Got a hankering for baked beans.
Sure, it’s cute watching Jay Bush and his golden retriever Duke, who seems to be on a mission to sell the secret recipe, like any capitalist dog would be. Makes you want some beans. Or a golden retriever. Makes me want neither. Bush’s Beans are probably a perfectly fine product, but I’ve always been a B&M kind of guy, and I’m not particularly fond of dogs, although I’ve grown to love my wild and crazy German shorthaired pointers, Argos and Maggie (Argos, I should point out, has no interest in selling any of my recipes; he has a one-track agenda, which is to eat everything I cook. Maggie, on the other hand, would sell my recipes in a heartbeat if she thought she could turn a profit; she’s probably the most dedicated capitalist in the family).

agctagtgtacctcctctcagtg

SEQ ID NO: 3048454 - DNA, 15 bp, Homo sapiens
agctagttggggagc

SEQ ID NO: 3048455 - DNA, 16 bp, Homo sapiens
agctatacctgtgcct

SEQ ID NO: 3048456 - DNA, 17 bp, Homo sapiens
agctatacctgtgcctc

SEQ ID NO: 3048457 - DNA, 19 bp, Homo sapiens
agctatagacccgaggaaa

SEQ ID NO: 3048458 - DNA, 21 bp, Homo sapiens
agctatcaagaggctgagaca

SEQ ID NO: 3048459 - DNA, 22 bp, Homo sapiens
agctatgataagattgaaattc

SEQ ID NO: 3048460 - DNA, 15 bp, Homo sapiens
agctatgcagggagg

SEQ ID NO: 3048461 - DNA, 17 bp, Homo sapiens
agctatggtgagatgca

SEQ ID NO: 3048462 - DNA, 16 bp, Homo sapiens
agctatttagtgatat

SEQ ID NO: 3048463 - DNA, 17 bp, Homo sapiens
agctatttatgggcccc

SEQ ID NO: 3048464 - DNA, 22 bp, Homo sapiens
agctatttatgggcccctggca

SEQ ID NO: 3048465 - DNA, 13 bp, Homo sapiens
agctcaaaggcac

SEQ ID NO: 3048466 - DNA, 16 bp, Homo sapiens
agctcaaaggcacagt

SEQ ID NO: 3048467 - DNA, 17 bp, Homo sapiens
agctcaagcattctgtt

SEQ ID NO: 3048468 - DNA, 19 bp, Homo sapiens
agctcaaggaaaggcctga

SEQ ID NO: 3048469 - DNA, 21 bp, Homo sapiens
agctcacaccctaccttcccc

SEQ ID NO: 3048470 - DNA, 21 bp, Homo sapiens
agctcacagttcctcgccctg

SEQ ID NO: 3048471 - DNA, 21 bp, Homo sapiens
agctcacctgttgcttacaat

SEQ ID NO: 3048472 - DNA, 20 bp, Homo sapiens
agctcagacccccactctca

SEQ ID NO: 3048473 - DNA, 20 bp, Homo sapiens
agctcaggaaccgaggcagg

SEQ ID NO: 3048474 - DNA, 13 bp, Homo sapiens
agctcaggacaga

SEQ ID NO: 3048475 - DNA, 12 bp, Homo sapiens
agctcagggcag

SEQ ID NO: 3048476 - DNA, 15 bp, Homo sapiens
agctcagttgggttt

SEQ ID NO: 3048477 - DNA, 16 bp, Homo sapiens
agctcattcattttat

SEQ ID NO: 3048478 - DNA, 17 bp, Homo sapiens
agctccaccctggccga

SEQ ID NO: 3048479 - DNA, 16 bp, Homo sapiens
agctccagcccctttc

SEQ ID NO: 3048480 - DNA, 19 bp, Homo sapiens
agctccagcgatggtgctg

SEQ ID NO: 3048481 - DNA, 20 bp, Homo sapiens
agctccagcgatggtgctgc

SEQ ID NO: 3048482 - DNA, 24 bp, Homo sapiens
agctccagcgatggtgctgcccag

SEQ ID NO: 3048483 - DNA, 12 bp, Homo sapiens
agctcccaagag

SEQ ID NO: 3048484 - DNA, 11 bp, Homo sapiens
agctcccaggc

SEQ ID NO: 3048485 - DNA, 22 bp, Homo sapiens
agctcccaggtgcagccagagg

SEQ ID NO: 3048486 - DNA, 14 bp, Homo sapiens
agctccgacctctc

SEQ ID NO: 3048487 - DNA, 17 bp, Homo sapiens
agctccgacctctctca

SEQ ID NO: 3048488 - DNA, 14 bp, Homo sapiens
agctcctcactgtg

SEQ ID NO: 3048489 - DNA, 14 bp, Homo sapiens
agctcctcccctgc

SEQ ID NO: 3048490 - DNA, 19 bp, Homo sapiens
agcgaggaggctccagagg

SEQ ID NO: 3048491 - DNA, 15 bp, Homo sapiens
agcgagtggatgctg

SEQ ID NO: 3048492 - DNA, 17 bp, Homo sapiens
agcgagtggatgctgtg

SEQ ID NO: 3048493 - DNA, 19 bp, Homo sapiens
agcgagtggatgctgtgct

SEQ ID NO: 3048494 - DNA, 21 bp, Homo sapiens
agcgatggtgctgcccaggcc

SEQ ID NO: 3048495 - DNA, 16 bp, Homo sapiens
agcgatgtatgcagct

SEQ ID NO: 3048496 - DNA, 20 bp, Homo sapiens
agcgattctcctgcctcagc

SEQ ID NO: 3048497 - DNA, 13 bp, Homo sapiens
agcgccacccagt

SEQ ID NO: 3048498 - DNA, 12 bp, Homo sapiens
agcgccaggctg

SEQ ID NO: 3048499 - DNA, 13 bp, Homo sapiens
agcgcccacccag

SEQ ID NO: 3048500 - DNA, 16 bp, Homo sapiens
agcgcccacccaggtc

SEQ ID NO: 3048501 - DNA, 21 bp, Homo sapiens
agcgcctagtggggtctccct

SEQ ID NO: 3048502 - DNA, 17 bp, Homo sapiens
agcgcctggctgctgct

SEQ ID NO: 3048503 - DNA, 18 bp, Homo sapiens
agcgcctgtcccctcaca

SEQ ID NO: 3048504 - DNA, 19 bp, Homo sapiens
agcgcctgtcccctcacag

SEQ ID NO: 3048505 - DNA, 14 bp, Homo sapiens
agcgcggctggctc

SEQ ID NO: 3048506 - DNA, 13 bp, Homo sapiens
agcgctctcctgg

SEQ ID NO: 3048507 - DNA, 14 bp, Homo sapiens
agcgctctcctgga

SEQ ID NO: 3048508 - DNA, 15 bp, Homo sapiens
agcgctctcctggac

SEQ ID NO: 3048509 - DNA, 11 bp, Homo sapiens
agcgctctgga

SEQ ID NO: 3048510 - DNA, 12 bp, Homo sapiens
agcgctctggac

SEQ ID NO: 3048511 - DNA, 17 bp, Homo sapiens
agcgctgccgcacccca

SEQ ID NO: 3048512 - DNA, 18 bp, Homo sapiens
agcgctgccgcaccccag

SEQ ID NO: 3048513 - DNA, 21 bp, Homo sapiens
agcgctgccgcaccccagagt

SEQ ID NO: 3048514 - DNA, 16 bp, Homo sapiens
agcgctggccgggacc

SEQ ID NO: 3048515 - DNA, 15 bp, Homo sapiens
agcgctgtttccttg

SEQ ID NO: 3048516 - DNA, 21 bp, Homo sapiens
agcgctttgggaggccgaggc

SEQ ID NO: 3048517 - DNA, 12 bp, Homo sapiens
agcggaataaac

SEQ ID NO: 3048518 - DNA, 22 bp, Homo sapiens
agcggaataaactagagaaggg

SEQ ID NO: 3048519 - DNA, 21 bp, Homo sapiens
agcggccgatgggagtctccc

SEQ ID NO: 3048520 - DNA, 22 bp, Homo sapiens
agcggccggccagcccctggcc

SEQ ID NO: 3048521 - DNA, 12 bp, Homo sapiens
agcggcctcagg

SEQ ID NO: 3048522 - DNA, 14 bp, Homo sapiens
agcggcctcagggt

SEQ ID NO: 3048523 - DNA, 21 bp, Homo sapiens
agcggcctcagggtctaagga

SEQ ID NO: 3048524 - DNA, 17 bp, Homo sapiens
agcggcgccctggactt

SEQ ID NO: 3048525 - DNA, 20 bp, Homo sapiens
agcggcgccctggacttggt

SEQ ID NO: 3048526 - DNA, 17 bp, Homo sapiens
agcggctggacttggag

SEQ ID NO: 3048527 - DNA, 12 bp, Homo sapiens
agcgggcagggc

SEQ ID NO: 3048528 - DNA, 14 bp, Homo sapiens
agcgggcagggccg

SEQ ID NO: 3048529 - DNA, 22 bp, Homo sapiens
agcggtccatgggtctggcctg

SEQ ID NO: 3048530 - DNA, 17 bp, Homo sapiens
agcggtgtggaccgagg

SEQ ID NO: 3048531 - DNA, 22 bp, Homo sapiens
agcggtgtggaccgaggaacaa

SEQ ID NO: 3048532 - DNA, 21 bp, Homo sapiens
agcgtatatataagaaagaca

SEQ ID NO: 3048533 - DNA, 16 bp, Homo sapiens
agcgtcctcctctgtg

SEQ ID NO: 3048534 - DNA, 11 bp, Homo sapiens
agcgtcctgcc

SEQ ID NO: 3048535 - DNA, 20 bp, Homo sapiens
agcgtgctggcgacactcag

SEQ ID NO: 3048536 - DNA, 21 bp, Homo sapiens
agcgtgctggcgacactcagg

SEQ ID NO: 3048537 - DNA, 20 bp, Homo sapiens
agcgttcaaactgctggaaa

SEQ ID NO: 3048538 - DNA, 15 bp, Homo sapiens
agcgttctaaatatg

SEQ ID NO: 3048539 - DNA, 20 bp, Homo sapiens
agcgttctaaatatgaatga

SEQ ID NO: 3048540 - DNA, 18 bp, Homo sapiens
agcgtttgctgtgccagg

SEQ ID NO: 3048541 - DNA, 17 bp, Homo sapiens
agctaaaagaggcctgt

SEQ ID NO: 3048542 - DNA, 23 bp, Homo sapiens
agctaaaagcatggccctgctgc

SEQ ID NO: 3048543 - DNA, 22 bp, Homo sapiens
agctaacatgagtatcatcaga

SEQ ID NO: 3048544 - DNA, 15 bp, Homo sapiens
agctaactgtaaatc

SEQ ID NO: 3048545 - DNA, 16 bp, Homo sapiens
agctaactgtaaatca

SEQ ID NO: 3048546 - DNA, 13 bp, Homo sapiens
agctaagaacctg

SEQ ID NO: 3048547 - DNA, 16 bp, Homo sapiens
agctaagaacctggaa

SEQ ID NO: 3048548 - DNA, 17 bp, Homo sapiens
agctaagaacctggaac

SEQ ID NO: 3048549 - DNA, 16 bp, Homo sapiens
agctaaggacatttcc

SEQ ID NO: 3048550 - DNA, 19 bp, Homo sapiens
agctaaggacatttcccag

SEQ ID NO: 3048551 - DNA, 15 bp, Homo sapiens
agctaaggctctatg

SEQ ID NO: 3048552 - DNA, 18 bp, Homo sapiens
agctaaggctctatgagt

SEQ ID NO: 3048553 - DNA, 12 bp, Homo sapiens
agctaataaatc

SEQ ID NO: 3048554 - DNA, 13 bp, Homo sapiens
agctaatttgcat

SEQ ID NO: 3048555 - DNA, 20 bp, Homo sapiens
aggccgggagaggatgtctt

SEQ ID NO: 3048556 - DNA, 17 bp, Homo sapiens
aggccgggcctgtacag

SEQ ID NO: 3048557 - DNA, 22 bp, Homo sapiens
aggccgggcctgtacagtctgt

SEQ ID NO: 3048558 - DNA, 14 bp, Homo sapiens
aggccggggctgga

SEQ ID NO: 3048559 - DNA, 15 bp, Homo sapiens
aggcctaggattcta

But I digress (I hate when I do that).
I was reading someplace recently that some kid’s favorite food was baked-bean sandwiches–homemade baked beans on fresh homemade bread–and I got to thinking about that. Could that be nature’s perfect food? The writer was recounting how such sandwiches ignited his love of all things food and how they inspired him to become a chef. It started, he says, because he couldn’t find a pile of baked beans anywhere near as good as the scratch batches his grandmother made for him. I can relate. I was raised on the cooking of a wonderful woman who came from the Piedmont of Virginia, where home-grown pork and chickens and corn and cabbages and greens were on the table every day. She made her baked beans (and everything else) from scratch, and the tale of baked-bean sandwiches massaged a longing in me I hadn’t felt in quite a while.
Consequently, I got a hankering for baked beans.
Lily Jones was not available to make me beans, and I’ve never really worked up a recipe of my own. So I decided to do some research, find a recipe to start with, and then make it my own. Something hearty, flavorful, bold, and memorable.